Article Text

AB0899 Impact of Musculoskeletal Ultrasound in Routine Clinical Practice in Pediatric Rheumatology Unit
  1. J.C. Nieto-Gonzalez,
  2. I. Monteagudo,
  3. E. Naredo,
  4. L. Vargas-Henny,
  5. I. Janta,
  6. M. Hinojosa-Davila,
  7. L. Martinez-Estupiñan,
  8. M. Montoro,
  9. J.G. Ovalles-Bonilla,
  10. L. Carreño
  1. Rheumatology, H.G.U. Gregorio Marañon, Madrid, Spain


Background Musculoskeletal ultrasound (MSU) is a useful, non-invasive, nonionizing, quick and well-tolerated imagine technique, appropriate for assessing children. In the last years, MSU has been increasingly used in pediatric rheumatology. Most studies have been on juvenile idiopathic arthritis (JIA) patients, showing more sensitivity of MSU for detecting synovitis than clinical examination. The impact of MSU in adult patients with rheumatic diseases have been studied, but there is a lack of studies on the impact of MSU in pediatric rheumatology.

Objectives To investigate the impact of MSU in diagnosis and therapeutic decisions in a pediatric rheumatology outpatient clinic.

Methods We included patients who attended consecutively our pediatric rheumatology unit in 11 random days during a 4-month period (September-December 2013). A consultant rheumatologist with 25 years of experience in pediatric rheumatology decided whether MSU was indicated or not, and completed a standard questionaire. This questionnaire was composed of clinical data, previous diagnosis, current global and local diagnosis, global and local treatment decisions and disease activity assessment. The level of Indication of MSU was measure by a Likert scale from 0 (not neccesary) to 5 (very neccesary). MSU of selected joints was performed by a rheumatologist ultrasonographer. MSU findings were provided to the consultant rheumatologist immediately after the MSU examination. The consultant rheumatologist completed a second questionaire with global and local changes in diagnosis and treatment decisions, and changes in disease activity.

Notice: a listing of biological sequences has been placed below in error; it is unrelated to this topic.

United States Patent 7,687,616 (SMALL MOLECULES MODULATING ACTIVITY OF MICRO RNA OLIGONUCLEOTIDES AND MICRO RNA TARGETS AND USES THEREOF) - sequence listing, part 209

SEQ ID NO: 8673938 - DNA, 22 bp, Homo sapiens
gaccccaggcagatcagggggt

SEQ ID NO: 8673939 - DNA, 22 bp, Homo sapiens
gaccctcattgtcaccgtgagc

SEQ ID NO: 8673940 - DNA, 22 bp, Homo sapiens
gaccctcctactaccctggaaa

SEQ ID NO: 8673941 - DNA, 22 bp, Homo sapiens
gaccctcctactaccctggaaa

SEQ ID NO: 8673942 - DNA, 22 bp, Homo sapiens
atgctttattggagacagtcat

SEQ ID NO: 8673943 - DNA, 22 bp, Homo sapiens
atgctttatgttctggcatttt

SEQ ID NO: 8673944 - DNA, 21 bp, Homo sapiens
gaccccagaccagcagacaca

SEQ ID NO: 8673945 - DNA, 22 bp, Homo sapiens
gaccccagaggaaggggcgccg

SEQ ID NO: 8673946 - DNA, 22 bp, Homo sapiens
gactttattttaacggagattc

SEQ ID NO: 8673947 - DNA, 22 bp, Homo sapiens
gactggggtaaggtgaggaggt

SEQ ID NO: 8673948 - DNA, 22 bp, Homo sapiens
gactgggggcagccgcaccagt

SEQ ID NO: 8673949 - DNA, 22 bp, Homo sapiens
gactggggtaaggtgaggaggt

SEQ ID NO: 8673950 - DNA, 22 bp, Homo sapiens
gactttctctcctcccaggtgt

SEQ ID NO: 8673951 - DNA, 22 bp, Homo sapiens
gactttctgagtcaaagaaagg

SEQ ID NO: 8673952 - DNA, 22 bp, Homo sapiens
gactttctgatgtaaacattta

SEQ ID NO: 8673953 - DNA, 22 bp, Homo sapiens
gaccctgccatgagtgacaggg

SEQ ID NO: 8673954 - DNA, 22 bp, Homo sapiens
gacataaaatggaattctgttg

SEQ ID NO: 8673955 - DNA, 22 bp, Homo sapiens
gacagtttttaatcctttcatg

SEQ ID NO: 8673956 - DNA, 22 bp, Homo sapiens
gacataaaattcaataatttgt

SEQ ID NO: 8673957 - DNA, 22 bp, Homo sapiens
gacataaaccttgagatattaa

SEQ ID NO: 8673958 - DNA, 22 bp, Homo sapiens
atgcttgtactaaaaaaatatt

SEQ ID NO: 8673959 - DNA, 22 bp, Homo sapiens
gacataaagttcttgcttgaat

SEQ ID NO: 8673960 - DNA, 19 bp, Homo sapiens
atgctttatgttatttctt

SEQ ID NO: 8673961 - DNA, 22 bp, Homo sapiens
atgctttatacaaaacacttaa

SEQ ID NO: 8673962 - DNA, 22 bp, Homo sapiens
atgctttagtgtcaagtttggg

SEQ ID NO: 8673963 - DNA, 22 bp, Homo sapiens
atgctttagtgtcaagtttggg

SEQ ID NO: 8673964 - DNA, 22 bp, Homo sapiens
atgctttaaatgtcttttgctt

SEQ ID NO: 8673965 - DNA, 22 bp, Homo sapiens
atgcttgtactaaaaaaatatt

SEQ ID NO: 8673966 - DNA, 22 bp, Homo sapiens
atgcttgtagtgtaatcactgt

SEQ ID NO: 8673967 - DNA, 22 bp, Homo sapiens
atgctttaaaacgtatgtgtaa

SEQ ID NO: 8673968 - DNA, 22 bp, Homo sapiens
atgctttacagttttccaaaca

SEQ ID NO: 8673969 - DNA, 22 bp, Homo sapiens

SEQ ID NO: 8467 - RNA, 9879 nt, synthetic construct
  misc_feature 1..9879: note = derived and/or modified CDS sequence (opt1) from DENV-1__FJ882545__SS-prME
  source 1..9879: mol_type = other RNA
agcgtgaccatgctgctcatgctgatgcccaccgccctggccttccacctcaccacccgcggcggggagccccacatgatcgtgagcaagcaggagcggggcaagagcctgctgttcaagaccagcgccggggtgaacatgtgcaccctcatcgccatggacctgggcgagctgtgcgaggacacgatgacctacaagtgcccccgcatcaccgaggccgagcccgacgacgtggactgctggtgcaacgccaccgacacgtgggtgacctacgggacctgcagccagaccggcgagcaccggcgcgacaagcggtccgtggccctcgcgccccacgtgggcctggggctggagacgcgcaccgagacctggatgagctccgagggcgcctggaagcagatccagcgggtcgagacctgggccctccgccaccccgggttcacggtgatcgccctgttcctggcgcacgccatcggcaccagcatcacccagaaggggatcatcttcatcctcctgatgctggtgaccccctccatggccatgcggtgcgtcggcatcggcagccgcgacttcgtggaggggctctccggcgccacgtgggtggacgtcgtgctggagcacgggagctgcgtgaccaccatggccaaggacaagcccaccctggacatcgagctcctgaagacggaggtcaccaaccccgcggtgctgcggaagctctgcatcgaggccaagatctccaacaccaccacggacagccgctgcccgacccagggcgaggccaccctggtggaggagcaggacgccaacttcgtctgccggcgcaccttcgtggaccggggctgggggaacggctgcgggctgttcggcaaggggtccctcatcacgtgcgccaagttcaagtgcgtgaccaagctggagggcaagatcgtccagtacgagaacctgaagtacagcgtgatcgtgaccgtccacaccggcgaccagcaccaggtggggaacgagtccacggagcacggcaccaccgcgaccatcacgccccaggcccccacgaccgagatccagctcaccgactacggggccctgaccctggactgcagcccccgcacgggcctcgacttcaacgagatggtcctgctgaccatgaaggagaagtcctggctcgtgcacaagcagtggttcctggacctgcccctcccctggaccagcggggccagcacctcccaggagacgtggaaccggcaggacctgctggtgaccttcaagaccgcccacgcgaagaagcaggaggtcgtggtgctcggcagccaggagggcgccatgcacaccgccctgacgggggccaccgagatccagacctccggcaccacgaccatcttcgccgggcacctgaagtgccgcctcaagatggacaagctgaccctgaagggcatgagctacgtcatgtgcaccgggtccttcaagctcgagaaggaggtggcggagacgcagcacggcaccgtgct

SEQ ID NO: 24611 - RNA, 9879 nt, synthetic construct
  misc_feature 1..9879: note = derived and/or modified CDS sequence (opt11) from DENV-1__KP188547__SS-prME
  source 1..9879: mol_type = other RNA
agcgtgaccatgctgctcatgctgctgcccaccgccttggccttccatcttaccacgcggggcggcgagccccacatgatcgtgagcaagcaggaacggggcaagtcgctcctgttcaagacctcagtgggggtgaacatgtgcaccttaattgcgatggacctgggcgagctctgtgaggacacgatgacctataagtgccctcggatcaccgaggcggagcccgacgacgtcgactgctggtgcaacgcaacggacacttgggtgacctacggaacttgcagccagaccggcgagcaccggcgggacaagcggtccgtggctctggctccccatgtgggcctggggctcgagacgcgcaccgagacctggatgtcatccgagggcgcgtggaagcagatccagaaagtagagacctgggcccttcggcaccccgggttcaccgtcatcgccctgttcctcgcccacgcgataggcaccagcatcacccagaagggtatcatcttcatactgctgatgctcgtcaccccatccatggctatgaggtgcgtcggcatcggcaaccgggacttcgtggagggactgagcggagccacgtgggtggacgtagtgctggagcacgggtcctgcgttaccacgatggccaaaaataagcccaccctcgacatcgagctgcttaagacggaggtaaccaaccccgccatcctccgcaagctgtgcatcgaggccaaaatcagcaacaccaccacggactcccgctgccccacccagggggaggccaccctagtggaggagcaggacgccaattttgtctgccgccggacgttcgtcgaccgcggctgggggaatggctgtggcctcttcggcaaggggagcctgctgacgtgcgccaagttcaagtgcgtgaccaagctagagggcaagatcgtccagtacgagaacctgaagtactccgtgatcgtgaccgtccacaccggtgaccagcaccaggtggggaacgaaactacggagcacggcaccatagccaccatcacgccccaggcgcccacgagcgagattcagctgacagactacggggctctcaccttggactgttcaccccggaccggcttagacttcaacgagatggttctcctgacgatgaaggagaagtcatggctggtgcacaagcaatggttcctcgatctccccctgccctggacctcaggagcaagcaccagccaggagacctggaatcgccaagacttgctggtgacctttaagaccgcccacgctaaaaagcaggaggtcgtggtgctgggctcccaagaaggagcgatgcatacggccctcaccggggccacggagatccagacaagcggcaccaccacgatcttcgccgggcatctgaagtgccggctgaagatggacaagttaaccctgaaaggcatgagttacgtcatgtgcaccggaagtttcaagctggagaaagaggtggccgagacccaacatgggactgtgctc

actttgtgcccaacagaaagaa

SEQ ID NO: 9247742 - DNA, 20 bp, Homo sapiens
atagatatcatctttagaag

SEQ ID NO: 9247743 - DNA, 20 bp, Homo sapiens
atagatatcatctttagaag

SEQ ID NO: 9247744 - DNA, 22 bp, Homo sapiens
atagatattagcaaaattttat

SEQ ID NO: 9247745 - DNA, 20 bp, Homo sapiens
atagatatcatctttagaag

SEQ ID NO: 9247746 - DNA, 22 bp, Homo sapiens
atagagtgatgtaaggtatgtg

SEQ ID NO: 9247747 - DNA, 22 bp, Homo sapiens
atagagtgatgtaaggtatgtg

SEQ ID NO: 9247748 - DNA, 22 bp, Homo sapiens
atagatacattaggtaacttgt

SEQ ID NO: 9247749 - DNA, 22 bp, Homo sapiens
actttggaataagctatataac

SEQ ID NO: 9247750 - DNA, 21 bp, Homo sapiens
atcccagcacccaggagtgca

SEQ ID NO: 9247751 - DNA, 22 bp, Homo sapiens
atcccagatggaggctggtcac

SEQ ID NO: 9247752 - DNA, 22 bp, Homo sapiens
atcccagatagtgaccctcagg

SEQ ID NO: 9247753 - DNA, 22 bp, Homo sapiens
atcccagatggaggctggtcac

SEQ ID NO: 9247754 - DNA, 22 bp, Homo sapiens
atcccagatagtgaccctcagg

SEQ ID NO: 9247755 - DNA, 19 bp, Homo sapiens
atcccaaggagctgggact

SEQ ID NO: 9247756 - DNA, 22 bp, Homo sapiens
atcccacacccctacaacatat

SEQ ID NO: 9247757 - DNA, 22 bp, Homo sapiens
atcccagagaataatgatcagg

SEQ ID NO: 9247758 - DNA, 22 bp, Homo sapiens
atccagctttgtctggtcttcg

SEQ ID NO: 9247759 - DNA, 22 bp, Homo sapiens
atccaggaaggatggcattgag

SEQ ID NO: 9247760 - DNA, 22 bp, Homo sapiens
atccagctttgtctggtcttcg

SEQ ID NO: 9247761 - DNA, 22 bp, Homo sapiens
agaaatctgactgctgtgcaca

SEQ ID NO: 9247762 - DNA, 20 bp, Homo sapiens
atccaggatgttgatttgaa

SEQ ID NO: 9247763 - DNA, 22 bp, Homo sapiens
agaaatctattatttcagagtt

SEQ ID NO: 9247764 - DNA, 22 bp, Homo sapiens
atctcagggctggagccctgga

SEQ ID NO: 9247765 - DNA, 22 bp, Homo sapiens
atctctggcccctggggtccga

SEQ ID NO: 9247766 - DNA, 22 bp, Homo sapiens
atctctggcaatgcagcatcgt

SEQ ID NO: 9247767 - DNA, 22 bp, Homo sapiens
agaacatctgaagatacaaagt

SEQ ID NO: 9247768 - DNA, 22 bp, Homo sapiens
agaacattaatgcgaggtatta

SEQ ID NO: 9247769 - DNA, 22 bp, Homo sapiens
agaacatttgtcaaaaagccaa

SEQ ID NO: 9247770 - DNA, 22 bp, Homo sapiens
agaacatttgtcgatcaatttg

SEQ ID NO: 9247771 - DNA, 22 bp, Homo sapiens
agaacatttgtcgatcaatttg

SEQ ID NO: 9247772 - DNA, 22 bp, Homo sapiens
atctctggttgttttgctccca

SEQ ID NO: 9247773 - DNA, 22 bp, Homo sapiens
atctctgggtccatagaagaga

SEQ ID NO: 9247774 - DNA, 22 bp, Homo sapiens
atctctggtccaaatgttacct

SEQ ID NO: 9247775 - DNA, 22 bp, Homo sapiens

Results The study included 111 patients (38 (34,2%) male and 73 (65,8%) female). Fifteen (13,5%) were new patients and 96 (86,5%) were follow-up patients. Fifty-one (45,8%) patients had already been diagnosed with JIA. The consultant rheumatologist asked for a MSU in 66 patients (59,5%) with a mean indication level of 3,48 (SD 1,25) (range 1-5). A clinical joint examination was performed in 67 patients with a total of 107 joints assessed. From these joints, in 92 (86%) a MSU examination was also performed. Table 1 shows number and percentage of changes in diagnosis and treatment decisions, and changes in disease activity. From 51 patients with JIA diagnosis, 42 (82,4%) were assessed with MSU for disease activity with changes in 19 (45,2%) patients.

Table 1.

Patients with MSUS, number and percentage of changes in global/local diagnosis and treatment changes, and changes in disease activity

Conclusions MSU changed global and local diagnosis, treatment decisions, and disease activity in a relevant number of patients in our pediatric rheumatology unit.


  1. Micu MC, Alcalde M, Sáenz JI, Crespo M, Collado P, Bolboacă SD, Naredo E. Impact of musculoskeletal ultrasound in an outpatient rheumatology clinic. Arthritis Care Res 2013;65:615-21.

Disclosure of Interest J. C. Nieto-Gonzalez: None declared, I. Monteagudo Consultant for: Abbvie, Roche Farma, Bristol- Myers Squibb, Pfizer, UCBL, E. Naredo Consultant for: Abbvie, Roche Farma, Bristol- Myers Squibb, Pfizer, UCB, General Electric Healthcare, and EsaoteL, L. Vargas-Henny: None declared, I. Janta: None declared, M. Hinojosa-Davila: None declared, L. Martinez-Estupiñan: None declared, M. Montoro: None declared, J. G. Ovalles-Bonilla: None declared, L. Carreño: None declared

DOI 10.1136/annrheumdis-2014-eular.4206

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